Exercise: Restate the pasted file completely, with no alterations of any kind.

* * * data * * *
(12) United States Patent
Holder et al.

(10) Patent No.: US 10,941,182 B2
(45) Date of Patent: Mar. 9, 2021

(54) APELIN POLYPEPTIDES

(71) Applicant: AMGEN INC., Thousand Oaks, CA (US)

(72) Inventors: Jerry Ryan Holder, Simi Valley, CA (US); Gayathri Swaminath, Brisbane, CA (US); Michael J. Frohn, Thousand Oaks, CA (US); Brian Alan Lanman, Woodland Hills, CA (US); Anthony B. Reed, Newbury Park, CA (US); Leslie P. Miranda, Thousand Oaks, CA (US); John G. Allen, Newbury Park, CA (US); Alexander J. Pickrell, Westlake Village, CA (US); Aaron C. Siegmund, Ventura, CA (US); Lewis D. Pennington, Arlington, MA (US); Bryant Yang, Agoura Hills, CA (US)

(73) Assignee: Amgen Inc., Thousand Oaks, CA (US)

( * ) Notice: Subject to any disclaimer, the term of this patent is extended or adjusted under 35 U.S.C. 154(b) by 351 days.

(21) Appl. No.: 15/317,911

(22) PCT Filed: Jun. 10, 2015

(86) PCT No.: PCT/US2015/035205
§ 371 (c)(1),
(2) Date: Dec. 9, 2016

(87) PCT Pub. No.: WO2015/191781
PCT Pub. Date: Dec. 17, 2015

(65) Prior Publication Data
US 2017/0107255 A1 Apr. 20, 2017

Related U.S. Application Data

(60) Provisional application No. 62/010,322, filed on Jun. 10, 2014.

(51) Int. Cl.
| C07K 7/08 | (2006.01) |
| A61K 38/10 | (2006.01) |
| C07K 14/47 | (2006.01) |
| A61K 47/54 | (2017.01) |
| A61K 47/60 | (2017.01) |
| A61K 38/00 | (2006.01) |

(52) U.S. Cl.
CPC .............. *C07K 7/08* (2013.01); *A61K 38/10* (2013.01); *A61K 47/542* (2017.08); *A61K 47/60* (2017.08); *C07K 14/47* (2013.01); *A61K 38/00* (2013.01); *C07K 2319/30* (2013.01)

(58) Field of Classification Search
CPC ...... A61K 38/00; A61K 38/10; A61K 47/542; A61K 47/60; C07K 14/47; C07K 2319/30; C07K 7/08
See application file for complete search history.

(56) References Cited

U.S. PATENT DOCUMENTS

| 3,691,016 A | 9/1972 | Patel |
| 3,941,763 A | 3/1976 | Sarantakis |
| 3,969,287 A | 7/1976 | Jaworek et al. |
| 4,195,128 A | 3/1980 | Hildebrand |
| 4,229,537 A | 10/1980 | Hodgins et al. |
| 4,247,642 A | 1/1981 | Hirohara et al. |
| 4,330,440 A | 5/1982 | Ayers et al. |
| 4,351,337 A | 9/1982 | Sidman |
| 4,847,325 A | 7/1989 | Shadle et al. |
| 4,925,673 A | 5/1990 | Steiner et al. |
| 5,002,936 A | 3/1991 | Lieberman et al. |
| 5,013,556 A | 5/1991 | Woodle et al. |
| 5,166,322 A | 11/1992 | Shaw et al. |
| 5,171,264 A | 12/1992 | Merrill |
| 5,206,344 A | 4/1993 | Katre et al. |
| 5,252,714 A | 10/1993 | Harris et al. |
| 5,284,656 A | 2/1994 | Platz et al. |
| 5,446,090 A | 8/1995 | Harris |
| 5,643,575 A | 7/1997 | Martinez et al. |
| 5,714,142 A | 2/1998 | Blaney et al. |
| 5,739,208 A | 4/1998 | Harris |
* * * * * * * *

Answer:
(12) United States Patent
Holder et al.

(10) Patent No.: US 10,941,182 B2
(45) Date of Patent: Mar. 9, 2021

(54) APELIN POLYPEPTIDES

(71) Applicant: AMGEN INC., Thousand Oaks, CA (US)

(72) Inventors: Jerry Ryan Holder, Simi Valley, CA (US); Gayathri Swaminath, Brisbane, CA (US); Michael J. Frohn, Thousand Oaks, CA (US); Brian Alan Lanman, Woodland Hills, CA (US); Anthony B. Reed, Newbury Park, CA (US); Leslie P. Miranda, Thousand Oaks, CA (US); John G. Allen, Newbury Park, CA (US); Alexander J. Pickrell, Westlake Village, CA (US); Aaron C. Siegmund, Ventura, CA (US); Lewis D. Pennington, Arlington, MA (US); Bryant Yang, Agoura Hills, CA (US)

(73) Assignee: Amgen Inc., Thousand Oaks, CA (US)

( * ) Notice: Subject to any disclaimer, the term of this patent is extended or adjusted under 35 U.S.C. 154(b) by 351 days.

(21) Appl. No.: 15/317,911

(22) PCT Filed: Jun. 10, 2015

(86) PCT No.: PCT/US2015/035205
§ 371 (c)(1),
(2) Date: Dec. 9, 2016

(87) PCT Pub. No.: WO2015/191781
PCT Pub. Date: Dec. 17, 2015

(65) Prior Publication Data
US 2017/0107255 A1 Apr. 20, 2017

Related U.S. Application Data

(60) Provisional application No. 62/010,322, filed on Jun. 10, 2014.

(51) Int. Cl.
| C07K 7/08 | (2006.01) |
| A61K 38/10 | (2006.01) |
| C07K 14/47 | (2006.01) |
| A61K 47/54 | (2017.01) |
| A61K 47/60 | (2017.01) |
| A61K 38/00 | (2006.01) |

(52) U.S. Cl.
CPC .............. *C07K 7/08* (2013.01); *A61K 38/10* (2013.01); *A61K 47/542* (2017.08); *A61K 47/60* (2017.08); *C07K 14/47* (2013.01); *A61K 38/00* (2013.01); *C07K 2319/30* (2013.01)

(58) Field of Classification Search
CPC ...... A61K 38/00; A61K 38/10; A61K 47/542; A61K 47/60; C07K 14/47; C07K 2319/30; C07K 7/08
See application file for complete search history.

(56) References Cited

U.S. PATENT DOCUMENTS

| 3,691,016 A | 9/1972 | Patel |
| 3,941,763 A | 3/1976 | Sarantakis |
| 3,969,287 A | 7/1976 | Jaworek et al. |
| 4,195,128 A | 3/1980 | Hildebrand |
| 4,229,537 A | 10/1980 | Hodgins et al. |
| 4,247,642 A | 1/1981 | Hirohara et al. |
| 4,330,440 A | 5/1982 | Ayers et al. |
| 4,351,337 A | 9/1982 | Sidman |
| 4,847,325 A | 7/1989 | Shadle et al. |
| 4,925,673 A | 5/1990 | Steiner et al. |
| 5,002,936 A | 3/1991 | Lieberman et al. |
| 5,013,556 A | 5/1991 | Woodle et al. |
| 5,166,322 A | 11/1992 | Shaw et al. |
| 5,171,264 A | 12/1992 | Merrill |
| 5,206,344 A | 4/1993 | Katre et al. |
| 5,252,714 A | 10/1993 | Harris et al. |
| 5,284,656 A | 2/1994 | Platz et al. |
| 5,446,090 A | 8/1995 | Harris |
| 5,643,575 A | 7/1997 | Martinez et al. |
| 5,714,142 A | 2/1998 | Blaney et al. |
| 5,739,208 A | 4/1998 | Harris |